Victims or Terrorists: Stereotypes Against Muslim Women Originate in the Media PDF Print

Region: Europe

Date: 2 June 2016

By Giulia Dessì, author of ENAR report on Italy and MDI project coordinator

islamophobia_muslim_women_front_pageThe stereotypical binary representation of Muslim women as either oppressed or dangerous prevails in the media in Europe, a new study by ENAR (European Network Against Racism) shows.

Many news stories related to Muslim women are related to violations of women’s rights, which contributes to constructing negative stereotypes within society, states the European report “Forgotten Women: the impact of Islamophobia on Muslim women”.  Muslim women are perceived to embody a homogeneous group, with no distinctions, supporting domestic violence and terrorism, homophobia, gender inequality and traditional gender roles. “Such a framing of Muslims as a ‘problem’, with a particular negative attention to women, contributes to creating a fertile ground for discriminatory practices and violence on the ground,” says the European comparative report.

Eight national reports show how news media often do not consider Muslim women as having any agency. When Muslim women and girls are portrayed as individuals, with capacity to act and react, this often comes across as something remarkable and surprising.

The reports, published in the framework of a broader project, focused mainly on employment and hate crimes. The results of the research show that Muslim women suffer from the same inequalities as other women (access to employment, gender pay gap, sticky floor/glass-ceiling, domestic, verbal and physical violence, etc.) but additional factors such as perceived religion or ethnicity deepen these gender gaps.

Images of Muslim women wearing religious garments (often full-face veils, especially in some papers with an anti-immigration agenda) are often used to illustrate news items focused on the danger of an ‘Islamic invasion’, which contributes to considering Muslim women as a threat to European societies. This is reinforced by some political discourse arguing the lack of compatibility between some expressions of Islam with the so called ‘European values’ (fundamental rights, the rule of law and women’s rights in particular).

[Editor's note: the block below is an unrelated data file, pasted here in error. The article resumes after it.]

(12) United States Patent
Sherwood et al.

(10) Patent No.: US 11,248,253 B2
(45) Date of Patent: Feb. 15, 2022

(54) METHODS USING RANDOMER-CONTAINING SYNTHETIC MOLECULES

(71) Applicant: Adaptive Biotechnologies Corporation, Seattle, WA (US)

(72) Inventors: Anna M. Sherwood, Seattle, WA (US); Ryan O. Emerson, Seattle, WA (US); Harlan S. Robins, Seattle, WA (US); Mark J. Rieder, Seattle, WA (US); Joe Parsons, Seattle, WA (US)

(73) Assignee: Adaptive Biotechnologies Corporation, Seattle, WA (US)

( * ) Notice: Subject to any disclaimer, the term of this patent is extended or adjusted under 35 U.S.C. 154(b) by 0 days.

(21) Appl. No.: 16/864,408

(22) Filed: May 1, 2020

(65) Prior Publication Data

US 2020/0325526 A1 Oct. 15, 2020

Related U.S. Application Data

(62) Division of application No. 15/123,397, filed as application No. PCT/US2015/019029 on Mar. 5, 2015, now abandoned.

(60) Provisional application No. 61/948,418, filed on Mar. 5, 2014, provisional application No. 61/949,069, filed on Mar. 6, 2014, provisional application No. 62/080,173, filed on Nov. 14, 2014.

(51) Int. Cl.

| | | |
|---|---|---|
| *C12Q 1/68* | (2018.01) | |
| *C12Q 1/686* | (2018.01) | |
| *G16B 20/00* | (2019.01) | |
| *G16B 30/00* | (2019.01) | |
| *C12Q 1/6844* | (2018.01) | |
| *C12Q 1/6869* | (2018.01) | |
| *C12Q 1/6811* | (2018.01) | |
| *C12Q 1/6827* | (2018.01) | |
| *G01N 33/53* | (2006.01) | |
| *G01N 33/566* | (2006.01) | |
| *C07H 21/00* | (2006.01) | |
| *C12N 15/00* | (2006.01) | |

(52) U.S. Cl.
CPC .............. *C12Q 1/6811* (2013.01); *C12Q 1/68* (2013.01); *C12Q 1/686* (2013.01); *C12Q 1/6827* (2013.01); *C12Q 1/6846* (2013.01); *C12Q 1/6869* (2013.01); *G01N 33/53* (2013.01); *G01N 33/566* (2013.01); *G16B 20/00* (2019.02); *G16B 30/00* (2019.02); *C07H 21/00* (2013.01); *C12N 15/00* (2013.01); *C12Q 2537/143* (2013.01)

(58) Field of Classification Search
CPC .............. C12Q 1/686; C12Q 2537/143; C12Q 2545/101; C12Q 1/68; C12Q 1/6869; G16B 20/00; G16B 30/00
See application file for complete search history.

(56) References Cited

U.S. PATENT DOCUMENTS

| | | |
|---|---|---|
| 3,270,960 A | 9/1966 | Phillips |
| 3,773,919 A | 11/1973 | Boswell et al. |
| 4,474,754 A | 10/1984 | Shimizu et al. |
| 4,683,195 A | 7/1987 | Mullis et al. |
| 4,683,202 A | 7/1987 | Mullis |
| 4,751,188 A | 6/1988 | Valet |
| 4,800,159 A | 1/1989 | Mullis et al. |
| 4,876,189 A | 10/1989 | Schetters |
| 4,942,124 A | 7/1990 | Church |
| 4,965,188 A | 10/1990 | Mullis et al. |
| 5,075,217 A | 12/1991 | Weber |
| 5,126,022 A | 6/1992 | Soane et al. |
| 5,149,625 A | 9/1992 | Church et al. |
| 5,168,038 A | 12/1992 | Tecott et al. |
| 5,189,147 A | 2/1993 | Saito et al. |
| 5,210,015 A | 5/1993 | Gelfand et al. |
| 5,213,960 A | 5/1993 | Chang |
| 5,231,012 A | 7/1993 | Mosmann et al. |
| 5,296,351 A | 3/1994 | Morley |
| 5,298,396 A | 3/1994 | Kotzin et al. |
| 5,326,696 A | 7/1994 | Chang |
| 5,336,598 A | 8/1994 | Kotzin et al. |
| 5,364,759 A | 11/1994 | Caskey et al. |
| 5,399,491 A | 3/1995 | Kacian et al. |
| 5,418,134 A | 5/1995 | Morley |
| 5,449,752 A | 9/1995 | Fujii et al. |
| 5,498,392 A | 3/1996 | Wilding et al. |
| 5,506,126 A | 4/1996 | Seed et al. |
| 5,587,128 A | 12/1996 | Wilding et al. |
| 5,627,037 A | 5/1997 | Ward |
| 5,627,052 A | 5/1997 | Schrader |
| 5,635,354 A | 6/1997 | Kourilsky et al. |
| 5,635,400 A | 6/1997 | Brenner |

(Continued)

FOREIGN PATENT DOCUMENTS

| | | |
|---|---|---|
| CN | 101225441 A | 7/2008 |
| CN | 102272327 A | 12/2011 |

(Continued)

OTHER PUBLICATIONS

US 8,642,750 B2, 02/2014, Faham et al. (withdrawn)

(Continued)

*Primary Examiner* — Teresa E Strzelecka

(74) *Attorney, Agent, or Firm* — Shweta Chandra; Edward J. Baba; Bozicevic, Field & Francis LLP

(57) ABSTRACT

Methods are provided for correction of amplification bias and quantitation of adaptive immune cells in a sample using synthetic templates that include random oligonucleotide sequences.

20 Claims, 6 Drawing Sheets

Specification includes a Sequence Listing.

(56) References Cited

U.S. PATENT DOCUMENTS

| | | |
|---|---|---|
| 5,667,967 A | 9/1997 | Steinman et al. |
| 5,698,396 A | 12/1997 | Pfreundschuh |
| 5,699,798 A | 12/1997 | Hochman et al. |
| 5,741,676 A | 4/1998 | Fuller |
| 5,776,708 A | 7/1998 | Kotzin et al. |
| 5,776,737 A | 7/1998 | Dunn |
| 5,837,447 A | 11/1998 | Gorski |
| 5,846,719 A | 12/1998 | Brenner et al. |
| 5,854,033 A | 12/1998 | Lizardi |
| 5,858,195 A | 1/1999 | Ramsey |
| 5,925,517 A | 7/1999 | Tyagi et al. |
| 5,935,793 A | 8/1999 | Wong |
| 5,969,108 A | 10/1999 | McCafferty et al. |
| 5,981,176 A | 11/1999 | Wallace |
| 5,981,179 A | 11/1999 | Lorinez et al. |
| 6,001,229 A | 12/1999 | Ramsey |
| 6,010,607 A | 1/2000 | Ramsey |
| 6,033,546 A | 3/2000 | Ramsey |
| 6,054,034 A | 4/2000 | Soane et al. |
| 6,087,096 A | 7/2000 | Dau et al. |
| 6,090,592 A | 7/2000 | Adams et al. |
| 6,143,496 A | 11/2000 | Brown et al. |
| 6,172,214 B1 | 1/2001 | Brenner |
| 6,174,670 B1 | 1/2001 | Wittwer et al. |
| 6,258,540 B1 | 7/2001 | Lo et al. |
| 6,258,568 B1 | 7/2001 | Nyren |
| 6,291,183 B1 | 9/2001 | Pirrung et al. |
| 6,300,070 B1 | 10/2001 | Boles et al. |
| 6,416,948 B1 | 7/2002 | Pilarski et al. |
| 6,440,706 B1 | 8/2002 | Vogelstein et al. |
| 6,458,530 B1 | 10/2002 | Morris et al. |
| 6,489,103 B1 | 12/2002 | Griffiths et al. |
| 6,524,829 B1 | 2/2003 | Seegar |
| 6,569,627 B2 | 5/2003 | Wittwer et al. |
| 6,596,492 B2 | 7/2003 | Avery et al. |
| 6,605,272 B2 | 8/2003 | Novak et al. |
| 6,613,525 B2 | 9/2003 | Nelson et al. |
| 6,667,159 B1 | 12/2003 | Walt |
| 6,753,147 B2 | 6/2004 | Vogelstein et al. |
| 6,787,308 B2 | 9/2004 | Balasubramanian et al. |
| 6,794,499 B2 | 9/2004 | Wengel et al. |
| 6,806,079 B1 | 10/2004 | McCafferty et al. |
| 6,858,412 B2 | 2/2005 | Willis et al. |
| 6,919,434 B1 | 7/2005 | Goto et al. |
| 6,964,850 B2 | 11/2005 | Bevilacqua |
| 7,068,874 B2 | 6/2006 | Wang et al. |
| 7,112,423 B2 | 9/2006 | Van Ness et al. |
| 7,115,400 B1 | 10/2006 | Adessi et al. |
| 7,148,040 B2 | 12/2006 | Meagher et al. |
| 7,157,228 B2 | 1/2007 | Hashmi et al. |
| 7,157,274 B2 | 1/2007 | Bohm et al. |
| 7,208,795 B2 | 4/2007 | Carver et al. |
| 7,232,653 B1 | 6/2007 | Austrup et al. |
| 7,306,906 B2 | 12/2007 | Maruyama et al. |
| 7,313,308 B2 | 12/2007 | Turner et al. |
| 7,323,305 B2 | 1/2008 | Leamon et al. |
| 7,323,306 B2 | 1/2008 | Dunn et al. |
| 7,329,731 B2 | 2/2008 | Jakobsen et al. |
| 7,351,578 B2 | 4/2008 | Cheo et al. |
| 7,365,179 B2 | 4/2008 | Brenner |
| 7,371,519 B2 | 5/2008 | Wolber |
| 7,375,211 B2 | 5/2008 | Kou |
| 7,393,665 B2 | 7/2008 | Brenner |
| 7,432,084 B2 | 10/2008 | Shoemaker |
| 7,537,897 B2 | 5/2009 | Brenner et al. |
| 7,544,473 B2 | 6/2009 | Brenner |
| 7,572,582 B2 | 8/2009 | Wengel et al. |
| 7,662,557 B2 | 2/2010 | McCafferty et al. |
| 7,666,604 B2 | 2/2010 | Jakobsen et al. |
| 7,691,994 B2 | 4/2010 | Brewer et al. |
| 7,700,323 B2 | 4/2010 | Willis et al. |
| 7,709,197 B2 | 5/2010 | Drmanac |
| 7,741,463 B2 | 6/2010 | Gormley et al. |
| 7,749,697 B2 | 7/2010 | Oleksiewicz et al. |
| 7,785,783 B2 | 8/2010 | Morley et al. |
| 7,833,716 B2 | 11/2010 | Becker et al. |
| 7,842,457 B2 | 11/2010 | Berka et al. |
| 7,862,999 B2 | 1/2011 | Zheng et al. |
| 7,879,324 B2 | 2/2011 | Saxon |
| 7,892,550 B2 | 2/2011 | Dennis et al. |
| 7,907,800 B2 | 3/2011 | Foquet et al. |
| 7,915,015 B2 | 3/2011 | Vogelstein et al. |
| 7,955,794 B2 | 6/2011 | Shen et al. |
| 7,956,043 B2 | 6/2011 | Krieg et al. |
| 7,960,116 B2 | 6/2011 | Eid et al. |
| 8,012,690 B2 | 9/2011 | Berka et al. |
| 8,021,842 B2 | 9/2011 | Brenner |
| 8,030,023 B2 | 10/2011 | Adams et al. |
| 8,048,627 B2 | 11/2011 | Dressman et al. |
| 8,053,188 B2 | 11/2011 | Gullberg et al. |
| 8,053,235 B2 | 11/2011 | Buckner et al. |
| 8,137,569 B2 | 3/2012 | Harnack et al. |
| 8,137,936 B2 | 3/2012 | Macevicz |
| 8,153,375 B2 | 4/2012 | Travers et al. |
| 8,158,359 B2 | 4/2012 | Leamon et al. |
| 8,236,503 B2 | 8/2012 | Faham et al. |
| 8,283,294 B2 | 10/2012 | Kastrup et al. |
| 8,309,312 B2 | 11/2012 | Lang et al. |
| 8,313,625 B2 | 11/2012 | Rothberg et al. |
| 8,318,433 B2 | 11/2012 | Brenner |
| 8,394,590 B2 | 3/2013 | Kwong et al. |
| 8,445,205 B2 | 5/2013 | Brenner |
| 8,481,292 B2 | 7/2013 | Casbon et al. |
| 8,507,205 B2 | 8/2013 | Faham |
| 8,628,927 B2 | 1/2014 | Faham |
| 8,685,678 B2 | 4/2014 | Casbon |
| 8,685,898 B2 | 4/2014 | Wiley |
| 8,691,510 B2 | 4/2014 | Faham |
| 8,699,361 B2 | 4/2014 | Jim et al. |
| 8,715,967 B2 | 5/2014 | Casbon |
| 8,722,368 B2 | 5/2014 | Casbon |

The diversity of population is not reflected in the composition of TV presenters and journalists either. In early 2015, Izzeddin Elzir, president of UCOII (Union of Islamic communities of Italy) stated that Muslims in Italy pay the TV licence fee like all residents but are not represented. “As integration is often at the centre of the public debate, it would be good if the second generation, Italian citizens and journalism graduates, would not be discriminated due to the headscarf. It would be good to make a brave step so that headscarved Muslim women can be hired”, said Izzedin Elzir, mentioning the difficulties of Muslim women in finding a job in the public sector. With regard to the Italian public service broadcaster RAI, he said that “the Islamic community has been asking RAI to broadcast a programme on Islam made by Muslims, but this has never been granted”.

The Swedish blog Nyans: Muslim (Nuance: Muslim), founded in 2014 with the goal of giving voices of Muslim women and men from a broad spectrum in the country, compiled a survey of all the op-ed articles, relating to the headscarf and the veil, in the three largest newspapers in Sweden. Between 2008 and 2015, a total of 72 articles were published on this issue. Over 95% of them (69 articles) were written by women and men who do not wear the headscarf or the veil, and almost 60% (43 articles) opposed the veil or the headscarf.

In this bleak prospect, there are some positive notes. The Danish newspaper Politiken, for example, has launched a debate on the systematic hostility and harassment many Muslim women experience as a result of their dress, giving the word to the direct testimonies by Muslim women. Furthermore, as a result of a journalistic investigation by the Swedish newspaper Aftonbladet in 2014, trade union in the country promptly responded to condemn this discrimination. When the Aftonbladet reporter called 20 municipalities asking the assistance officers whether there was a possibility of not being catered for by staff wearing the headscarf, 16 out of 20 municipalities agreed. Trade union representatives of Kommunal and Vision stated that demands such as having staff without headscarf are completely unacceptable and ultimately affect the members of their unions: “Our trade unions are organising some 200,000 welfare workers in the health care sector. Many have a background in countries outside of Europe. They are managers, administrators, but not least, nurses, nursing assistants and personal assistants. Without them, welfare does not work, not a single day”.